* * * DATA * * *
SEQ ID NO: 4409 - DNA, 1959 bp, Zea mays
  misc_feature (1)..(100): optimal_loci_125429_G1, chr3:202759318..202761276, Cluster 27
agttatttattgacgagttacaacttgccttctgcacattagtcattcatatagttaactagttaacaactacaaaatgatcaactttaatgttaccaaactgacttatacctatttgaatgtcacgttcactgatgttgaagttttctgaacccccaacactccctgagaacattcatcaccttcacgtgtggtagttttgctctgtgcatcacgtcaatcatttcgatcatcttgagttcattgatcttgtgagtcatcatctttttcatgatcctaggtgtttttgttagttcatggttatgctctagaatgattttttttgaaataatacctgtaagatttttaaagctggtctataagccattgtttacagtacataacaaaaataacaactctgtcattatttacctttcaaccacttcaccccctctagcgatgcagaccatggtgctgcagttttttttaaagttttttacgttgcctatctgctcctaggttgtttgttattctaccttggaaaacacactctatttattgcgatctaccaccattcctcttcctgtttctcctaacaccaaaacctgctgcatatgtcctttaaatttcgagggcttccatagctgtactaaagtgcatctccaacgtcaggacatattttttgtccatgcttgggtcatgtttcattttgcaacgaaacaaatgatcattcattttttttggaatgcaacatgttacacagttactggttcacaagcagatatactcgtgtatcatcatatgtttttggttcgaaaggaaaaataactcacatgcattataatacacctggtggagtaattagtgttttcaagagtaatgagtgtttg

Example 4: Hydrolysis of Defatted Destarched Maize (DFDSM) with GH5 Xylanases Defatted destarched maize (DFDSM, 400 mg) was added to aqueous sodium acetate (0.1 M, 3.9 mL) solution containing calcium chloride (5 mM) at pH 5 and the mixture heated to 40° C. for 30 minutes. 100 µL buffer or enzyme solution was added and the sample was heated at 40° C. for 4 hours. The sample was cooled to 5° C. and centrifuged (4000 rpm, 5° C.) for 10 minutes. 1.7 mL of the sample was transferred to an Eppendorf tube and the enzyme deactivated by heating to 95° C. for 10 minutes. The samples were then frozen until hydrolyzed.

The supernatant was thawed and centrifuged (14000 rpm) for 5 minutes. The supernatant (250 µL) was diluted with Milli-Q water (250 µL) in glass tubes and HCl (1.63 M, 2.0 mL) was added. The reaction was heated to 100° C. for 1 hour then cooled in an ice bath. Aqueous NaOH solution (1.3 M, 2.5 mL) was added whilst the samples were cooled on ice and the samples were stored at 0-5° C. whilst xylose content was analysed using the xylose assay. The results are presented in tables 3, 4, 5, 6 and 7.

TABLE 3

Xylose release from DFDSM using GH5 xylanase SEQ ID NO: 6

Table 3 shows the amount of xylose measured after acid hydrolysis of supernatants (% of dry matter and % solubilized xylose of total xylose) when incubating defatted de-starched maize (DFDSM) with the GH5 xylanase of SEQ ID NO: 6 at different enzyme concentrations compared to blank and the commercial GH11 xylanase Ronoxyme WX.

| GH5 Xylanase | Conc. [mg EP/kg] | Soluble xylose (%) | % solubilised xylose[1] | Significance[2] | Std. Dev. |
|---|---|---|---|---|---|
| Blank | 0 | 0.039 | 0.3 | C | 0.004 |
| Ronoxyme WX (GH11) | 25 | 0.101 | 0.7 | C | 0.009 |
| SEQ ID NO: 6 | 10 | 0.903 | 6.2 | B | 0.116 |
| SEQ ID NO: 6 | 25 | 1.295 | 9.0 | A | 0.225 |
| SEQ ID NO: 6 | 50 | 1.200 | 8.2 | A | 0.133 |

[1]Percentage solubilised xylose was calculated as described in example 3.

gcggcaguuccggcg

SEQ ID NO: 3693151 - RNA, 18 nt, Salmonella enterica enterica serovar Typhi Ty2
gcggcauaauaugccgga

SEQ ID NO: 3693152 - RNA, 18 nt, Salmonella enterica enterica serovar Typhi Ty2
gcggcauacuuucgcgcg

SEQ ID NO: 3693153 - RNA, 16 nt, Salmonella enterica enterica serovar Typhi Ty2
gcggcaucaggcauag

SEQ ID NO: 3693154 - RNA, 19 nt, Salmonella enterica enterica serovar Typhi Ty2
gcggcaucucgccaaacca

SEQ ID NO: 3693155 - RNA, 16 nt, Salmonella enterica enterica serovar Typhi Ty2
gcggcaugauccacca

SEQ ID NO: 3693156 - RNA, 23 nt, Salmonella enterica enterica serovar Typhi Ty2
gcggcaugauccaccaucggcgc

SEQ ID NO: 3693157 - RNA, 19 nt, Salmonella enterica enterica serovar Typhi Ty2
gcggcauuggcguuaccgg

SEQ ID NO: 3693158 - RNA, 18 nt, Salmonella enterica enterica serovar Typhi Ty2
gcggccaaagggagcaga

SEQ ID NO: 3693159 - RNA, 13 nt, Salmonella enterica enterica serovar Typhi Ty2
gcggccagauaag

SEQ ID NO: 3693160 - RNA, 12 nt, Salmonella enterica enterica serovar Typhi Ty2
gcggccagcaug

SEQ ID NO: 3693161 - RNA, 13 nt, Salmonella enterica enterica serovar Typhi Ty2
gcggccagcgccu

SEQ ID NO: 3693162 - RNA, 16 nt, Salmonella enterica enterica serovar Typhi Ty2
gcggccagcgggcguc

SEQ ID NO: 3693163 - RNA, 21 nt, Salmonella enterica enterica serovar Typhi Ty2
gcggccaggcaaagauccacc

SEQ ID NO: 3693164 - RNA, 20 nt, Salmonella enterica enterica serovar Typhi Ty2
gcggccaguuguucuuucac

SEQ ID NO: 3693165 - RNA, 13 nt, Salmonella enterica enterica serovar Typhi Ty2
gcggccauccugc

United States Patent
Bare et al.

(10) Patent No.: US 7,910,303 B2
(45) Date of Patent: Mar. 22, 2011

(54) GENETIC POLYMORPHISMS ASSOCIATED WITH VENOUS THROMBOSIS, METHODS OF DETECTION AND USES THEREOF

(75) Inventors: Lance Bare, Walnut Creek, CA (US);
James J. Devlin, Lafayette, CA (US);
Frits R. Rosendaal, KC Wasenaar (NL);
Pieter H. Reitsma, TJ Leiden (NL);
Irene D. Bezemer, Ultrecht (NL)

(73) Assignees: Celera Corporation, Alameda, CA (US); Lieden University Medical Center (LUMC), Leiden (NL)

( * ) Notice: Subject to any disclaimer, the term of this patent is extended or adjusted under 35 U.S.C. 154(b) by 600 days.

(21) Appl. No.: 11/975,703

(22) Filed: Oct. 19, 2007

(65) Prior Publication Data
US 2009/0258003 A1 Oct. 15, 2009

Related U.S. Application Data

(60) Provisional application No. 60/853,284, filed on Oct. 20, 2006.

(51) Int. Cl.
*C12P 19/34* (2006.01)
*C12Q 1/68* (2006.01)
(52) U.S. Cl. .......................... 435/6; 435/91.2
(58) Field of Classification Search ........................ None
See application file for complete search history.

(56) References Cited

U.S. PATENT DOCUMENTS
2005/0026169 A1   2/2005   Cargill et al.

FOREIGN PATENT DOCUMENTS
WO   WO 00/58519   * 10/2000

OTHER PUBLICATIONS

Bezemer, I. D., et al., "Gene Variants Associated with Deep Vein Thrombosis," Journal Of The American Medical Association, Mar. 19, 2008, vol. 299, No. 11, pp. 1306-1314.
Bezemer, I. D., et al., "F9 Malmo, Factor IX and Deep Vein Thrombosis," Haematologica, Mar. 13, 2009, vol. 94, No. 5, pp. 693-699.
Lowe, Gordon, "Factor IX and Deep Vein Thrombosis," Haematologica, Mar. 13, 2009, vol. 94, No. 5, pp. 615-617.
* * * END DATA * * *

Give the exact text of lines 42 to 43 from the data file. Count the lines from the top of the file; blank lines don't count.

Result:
SEQ ID NO: 3693163 - RNA, 21 nt, Salmonella enterica enterica serovar Typhi Ty2
gcggccaggcaaagauccacc